Sinn Fein under fire as it debates staff pay rise
Sinn Fein MLAs and staff are in line for a £2,225 pay boost also being given to their counterparts in the Irish Republic - though it will come out of the party's own coffers.
The €2,500 rise in the south follows an internal review after increasing concerns that existing pay levels left Sinn Fein increasingly unable to attract top quality employees.
The move will bring the salary levels of TDs, including party leader Gerry Adams, Irish senators and MEPs up to €39,000 (£37,421).
The party confirmed yesterday that MLAs, special advisers and staff in Northern Ireland are included. But a spokesman added: "The recommendations are being considered and the process is not yet concluded."
A final decision will be made next month.
Councillors are not included. "They are not paid a wage, they get an allowance from the councils which is like a part-time wage," the spokesman added.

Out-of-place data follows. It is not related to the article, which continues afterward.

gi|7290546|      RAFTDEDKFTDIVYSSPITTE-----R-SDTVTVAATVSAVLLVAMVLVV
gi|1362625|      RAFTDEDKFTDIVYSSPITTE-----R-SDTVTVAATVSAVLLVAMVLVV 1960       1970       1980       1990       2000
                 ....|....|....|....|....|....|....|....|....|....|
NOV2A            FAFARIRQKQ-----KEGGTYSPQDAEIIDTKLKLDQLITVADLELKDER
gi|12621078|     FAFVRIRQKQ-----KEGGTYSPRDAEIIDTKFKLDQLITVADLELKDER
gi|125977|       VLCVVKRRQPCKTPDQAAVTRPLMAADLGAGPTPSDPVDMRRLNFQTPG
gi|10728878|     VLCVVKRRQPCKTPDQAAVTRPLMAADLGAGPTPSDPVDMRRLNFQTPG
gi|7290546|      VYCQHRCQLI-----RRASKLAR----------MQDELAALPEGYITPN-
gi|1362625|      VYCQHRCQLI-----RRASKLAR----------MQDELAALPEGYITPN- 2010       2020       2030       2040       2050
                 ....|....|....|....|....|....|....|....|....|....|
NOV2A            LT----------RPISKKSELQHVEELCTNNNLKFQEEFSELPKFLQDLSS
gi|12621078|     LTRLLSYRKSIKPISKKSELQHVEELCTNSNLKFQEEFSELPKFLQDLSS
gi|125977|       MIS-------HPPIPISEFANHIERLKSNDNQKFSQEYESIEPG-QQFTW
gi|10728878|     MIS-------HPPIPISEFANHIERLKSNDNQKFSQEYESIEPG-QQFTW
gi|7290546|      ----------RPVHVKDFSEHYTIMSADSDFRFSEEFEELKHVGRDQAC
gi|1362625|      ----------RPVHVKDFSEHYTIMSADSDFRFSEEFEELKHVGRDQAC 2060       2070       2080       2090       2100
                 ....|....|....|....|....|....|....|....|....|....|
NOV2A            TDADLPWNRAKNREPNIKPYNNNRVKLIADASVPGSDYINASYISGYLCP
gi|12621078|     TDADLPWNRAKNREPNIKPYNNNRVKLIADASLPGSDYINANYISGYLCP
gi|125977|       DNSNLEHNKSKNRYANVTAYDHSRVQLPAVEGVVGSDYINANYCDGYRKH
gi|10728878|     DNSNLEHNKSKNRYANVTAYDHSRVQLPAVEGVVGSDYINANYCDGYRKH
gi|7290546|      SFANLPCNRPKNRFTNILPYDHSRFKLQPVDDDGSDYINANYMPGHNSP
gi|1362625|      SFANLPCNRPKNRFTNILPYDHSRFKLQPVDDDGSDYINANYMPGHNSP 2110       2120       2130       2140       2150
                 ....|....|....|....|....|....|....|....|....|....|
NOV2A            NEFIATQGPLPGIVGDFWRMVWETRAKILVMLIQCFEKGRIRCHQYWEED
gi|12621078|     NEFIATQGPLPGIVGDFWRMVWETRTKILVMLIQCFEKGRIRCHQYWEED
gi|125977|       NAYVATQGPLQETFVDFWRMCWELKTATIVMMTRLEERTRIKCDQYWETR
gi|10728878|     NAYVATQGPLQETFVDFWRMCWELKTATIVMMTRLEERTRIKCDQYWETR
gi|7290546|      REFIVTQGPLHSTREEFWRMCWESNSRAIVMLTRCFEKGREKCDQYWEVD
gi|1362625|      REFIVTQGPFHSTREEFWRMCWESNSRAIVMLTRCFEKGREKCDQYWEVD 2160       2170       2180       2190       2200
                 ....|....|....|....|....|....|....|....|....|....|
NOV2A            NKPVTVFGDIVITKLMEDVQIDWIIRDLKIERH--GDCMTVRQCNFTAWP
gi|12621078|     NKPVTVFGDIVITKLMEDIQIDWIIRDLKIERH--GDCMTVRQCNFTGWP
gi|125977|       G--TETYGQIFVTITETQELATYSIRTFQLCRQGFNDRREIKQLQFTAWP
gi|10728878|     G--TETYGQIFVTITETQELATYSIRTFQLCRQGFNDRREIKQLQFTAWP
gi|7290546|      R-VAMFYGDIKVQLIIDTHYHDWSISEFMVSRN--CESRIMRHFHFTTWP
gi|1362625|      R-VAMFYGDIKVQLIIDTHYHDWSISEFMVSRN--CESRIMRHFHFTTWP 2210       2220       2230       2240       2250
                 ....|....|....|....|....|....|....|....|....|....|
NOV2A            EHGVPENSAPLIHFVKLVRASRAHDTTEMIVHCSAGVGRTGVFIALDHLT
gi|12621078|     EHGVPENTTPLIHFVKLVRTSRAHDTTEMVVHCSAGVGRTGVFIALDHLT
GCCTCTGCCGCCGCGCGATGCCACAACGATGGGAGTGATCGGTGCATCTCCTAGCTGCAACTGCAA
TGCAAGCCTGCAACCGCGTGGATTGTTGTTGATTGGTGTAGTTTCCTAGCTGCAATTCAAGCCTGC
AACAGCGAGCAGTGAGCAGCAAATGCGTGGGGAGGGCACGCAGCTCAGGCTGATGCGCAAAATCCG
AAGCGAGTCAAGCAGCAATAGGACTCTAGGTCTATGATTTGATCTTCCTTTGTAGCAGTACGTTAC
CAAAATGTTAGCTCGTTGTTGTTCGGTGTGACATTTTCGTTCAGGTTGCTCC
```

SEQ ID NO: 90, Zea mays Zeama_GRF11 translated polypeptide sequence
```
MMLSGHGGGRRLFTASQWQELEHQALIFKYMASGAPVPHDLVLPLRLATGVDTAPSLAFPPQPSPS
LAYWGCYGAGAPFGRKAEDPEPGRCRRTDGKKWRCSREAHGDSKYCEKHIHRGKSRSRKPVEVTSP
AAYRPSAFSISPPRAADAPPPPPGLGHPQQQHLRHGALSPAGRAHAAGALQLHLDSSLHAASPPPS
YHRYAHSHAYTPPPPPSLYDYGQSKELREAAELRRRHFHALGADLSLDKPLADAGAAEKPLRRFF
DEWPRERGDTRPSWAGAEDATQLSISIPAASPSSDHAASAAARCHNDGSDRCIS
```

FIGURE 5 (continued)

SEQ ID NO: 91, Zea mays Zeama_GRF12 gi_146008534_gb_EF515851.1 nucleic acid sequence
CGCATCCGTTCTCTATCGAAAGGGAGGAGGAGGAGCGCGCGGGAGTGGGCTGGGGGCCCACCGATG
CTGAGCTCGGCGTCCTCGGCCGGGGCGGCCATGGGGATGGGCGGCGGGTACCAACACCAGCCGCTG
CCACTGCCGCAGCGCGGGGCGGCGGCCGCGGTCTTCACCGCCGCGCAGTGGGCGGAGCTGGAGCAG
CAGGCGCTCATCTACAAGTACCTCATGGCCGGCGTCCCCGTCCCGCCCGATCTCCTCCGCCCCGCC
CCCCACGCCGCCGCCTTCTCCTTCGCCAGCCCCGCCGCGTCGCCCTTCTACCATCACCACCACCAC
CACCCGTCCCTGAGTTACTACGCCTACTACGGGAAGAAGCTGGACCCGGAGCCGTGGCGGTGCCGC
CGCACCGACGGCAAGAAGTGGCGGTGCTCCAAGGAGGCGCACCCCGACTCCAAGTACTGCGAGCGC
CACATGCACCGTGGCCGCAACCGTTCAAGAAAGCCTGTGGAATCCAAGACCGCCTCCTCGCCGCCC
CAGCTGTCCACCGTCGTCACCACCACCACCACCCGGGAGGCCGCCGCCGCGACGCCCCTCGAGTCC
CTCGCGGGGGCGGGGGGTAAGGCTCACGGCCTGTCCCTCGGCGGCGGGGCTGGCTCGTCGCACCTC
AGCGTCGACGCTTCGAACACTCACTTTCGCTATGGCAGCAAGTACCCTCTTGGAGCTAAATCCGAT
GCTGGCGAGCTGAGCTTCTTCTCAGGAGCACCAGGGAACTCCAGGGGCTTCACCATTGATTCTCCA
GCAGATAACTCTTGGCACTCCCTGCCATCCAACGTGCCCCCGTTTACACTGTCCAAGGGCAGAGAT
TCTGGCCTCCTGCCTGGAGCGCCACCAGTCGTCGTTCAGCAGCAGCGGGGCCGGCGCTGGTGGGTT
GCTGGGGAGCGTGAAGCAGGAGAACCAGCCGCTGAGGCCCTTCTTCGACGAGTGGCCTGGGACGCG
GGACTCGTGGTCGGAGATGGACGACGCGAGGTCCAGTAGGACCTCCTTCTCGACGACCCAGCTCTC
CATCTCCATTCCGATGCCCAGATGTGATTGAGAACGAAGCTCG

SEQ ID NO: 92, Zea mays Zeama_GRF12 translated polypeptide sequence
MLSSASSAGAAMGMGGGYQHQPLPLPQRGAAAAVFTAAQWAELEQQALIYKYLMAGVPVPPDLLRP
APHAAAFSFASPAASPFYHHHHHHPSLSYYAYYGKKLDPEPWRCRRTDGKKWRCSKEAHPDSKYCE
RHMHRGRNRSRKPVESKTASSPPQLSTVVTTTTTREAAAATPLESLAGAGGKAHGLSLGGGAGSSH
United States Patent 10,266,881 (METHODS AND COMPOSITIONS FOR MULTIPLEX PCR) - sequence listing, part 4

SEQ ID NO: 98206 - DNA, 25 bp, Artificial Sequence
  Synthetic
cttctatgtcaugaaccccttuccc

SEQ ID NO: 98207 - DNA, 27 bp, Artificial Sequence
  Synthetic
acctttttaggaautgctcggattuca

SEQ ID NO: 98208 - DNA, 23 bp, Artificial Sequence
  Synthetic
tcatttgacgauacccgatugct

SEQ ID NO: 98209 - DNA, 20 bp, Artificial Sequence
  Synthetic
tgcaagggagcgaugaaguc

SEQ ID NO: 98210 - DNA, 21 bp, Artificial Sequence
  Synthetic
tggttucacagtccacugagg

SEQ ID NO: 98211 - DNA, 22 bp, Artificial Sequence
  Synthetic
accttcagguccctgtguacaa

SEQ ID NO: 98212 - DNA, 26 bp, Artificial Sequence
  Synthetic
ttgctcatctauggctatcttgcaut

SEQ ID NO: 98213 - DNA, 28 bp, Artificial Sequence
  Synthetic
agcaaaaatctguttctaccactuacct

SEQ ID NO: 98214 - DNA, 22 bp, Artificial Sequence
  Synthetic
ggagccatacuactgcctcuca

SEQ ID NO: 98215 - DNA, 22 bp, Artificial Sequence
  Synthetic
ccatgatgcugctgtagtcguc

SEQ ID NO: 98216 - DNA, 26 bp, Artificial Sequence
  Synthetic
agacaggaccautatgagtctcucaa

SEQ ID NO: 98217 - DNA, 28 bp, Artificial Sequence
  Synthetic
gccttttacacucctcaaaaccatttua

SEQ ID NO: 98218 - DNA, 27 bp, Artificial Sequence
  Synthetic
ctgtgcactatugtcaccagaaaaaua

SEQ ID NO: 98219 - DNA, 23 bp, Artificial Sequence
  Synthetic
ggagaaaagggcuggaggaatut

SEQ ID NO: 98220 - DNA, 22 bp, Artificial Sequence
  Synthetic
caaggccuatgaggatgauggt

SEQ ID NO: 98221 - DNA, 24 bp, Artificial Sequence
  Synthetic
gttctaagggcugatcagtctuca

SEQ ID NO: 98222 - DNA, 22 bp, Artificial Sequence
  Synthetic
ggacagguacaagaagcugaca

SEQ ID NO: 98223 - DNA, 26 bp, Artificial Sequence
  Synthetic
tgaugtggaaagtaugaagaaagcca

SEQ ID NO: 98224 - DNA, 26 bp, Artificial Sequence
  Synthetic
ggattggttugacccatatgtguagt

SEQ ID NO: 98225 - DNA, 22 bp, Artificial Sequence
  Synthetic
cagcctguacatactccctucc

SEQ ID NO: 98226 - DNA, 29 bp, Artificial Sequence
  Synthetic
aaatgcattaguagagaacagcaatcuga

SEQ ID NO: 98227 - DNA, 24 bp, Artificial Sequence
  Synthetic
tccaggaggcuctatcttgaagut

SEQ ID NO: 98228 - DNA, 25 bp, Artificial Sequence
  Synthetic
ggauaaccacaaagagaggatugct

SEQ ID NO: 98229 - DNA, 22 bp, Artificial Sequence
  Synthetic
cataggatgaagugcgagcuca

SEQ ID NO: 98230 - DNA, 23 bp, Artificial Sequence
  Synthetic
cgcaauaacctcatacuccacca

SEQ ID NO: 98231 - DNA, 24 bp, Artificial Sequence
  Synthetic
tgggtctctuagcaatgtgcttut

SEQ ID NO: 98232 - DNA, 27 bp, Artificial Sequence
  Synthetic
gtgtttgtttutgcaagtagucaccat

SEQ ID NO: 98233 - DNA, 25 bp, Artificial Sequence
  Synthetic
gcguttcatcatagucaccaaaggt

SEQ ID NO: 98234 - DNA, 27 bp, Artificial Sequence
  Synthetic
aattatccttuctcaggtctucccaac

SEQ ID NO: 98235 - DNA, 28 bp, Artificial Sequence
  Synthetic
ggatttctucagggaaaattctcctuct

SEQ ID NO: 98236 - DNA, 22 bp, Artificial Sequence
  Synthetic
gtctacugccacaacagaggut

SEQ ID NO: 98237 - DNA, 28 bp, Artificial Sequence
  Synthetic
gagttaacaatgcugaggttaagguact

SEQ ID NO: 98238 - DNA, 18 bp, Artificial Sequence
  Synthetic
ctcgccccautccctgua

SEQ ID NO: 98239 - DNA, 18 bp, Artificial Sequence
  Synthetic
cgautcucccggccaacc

Sinn Fein is also, however, opposing a general pay increase for politicians in the south which has prompted Fine Gael TD Noel Rock to accuse it of "double standards".
"Normally you're either for or against something, but Sinn Fein are trying to be both.
"The brave thing would be to forgo their pay and actually give it back to the taxpayer, instead of using TDs' salaries to prop up their army of advisers," he said.
Sinn Fein maintains its elected representatives and special advisers are still paid an average industrial wage - £26,000 in Northern Ireland but just over £36,500 in the Republic.
A 'human relations' committee was established after the party's ard fheis in the spring, headed by national chairman and South Antrim MLA Declan Kearney, which is believed to have recommended an end to Sinn Fein's salary cap policy.